John Hoyland

Soulless Stars Cascade - screenprint

 A painter and printmaker of prodigious creative energy and imagination, John Hoyland, who died in 2011 is widely recognised as one of the greatest abstract artists of his time.  "Non-figurative imagery possessed for me," he wrote, "the potential for the most advanced depth of feeling and meaning."

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John Hoyland RA (12 October 1934 – 31 July 2011)[3] was one of the country's leading abstract artists.

He was born in Sheffield, Yorkshire, and educated at Leighton Park School, before going onto study at Sheffield School of Art, Psalter Lane, and the Royal Academy Schools.  He was elected to the Royal Academy in 1991 and was appointed Professor of the Royal Academy Schools in 1999.  The National Portrait Gallery holds portraits of the artist in its collection. 

Hoyland's first solo exhibition was held at the Marlborough New London Gallery in 1964 and he had a solo show at the Whitechapel Art Gallery in 1967. In the 1960s, Hoyland's work was characterised by simple shapes, high-key colour and a flat picture surface. In the 1970s his paintings became more textured.  He exhibited at the Waddington Galleries, London throughout the 1970s and 1980s. During the 1960s and 1970s, he showed his paintings in New York City with the Robert Elkon Gallery and the André Emmerich Gallery. His paintings are closely aligned with Post-Painterly Abstraction, Color Field painting and Lyrical Abstraction.  Hoyland disliked the "abstract" painter label and described himself as "a painter".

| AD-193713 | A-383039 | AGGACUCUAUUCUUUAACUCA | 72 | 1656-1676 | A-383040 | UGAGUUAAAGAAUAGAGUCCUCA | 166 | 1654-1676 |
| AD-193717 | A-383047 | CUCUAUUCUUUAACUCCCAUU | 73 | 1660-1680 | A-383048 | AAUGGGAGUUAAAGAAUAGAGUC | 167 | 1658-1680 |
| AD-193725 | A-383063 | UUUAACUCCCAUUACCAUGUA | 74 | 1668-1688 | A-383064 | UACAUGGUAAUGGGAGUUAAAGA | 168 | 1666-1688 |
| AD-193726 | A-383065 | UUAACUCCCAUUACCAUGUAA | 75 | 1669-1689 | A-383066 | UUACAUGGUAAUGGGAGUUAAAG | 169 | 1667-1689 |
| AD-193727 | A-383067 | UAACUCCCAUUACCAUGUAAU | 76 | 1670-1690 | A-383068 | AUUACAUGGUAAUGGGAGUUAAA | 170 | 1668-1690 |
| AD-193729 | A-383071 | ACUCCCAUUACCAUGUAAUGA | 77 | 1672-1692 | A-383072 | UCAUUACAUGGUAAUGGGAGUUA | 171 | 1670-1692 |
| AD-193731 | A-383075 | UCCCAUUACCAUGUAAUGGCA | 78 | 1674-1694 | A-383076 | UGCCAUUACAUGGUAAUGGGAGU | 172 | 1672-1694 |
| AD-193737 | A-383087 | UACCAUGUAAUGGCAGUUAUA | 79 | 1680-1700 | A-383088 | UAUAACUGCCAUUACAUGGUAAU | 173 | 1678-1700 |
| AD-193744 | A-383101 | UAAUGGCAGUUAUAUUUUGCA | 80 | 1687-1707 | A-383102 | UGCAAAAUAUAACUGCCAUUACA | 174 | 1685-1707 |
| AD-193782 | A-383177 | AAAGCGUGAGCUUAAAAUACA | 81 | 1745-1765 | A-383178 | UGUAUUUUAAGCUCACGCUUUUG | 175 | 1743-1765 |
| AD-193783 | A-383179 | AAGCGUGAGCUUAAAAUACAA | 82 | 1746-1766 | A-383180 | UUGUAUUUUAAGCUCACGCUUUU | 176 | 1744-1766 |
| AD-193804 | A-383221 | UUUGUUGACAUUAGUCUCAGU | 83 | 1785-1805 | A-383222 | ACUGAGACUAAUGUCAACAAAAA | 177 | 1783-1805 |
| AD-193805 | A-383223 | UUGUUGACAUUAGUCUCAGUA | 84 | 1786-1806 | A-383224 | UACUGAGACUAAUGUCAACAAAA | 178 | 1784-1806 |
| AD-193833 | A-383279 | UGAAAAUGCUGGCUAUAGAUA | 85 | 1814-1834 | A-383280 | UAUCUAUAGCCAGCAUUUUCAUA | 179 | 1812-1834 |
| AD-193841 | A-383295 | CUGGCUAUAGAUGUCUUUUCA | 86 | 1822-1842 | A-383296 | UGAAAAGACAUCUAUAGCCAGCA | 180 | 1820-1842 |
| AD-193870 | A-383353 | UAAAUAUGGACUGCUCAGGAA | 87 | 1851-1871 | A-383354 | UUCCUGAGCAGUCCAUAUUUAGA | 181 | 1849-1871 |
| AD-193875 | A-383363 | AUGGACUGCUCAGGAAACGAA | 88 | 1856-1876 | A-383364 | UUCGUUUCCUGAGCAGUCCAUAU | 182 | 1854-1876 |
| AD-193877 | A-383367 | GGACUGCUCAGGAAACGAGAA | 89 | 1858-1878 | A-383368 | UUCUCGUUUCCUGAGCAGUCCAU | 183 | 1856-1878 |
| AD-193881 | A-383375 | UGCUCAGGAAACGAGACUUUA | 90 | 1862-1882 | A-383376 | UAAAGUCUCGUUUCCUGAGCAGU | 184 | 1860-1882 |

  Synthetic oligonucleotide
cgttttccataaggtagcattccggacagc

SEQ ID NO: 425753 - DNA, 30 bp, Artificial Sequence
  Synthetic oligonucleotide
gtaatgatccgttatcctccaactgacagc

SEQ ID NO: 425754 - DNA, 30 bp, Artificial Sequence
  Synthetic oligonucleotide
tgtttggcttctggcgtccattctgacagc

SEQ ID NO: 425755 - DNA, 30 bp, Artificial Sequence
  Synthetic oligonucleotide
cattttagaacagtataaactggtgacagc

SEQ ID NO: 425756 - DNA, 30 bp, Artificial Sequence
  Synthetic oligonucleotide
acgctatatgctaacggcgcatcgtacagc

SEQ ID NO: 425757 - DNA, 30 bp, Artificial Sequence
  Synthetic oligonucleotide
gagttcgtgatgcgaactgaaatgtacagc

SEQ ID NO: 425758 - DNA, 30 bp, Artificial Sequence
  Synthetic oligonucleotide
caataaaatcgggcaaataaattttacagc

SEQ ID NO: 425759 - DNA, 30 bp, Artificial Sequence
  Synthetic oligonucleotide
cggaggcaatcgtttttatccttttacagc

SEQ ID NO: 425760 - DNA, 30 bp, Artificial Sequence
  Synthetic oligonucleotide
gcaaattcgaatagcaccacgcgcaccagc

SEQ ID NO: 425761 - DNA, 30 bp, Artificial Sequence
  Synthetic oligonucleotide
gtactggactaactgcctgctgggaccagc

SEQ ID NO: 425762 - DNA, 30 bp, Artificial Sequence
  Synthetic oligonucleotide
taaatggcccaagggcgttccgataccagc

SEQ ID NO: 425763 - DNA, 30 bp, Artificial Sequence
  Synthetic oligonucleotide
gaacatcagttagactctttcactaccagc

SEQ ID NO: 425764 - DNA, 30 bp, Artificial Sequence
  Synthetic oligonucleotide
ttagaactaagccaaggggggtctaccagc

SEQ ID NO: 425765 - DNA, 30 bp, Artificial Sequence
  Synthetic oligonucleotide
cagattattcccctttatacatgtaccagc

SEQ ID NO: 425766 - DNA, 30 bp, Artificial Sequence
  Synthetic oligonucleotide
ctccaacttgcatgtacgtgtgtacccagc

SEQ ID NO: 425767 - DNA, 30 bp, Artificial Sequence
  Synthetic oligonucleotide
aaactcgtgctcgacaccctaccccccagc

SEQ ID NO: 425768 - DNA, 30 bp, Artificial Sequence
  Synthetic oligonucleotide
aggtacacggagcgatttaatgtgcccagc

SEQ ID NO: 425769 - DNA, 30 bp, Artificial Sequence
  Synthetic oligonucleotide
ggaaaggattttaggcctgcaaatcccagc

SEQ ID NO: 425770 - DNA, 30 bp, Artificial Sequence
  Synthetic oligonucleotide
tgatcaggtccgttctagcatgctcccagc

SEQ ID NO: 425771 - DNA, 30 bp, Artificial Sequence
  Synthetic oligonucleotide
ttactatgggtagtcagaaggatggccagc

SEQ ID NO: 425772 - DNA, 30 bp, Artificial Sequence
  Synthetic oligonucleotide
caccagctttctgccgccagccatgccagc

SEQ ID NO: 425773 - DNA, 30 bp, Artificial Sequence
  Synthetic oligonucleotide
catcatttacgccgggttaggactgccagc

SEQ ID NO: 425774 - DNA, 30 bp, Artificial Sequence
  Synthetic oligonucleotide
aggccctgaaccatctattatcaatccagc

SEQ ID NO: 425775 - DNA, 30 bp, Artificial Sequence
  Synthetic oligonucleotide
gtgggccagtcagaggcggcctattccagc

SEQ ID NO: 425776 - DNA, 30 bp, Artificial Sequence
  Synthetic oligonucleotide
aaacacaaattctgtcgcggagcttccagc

Retrospectives of his paintings have been held at the Serpentine Gallery (1979), the Royal Academy (1999) and Tate St Ives (2006).He won the 1982 John Moores Painting Prize.
His works are held in many public and private collections including the Tate.  In September 2010, Hoyland and five other British artists including Howard Hodgkin, John Walker, Ian Stephenson, Patrick Caulfield and R.B. Kitaj were included in an exhibition entitled The Independent Eye: Contemporary British Art  From the Collection of Samuel and Gabrielle Lurie, at the Yale Center for British Art.

Space Borne - screenprint with woodblock

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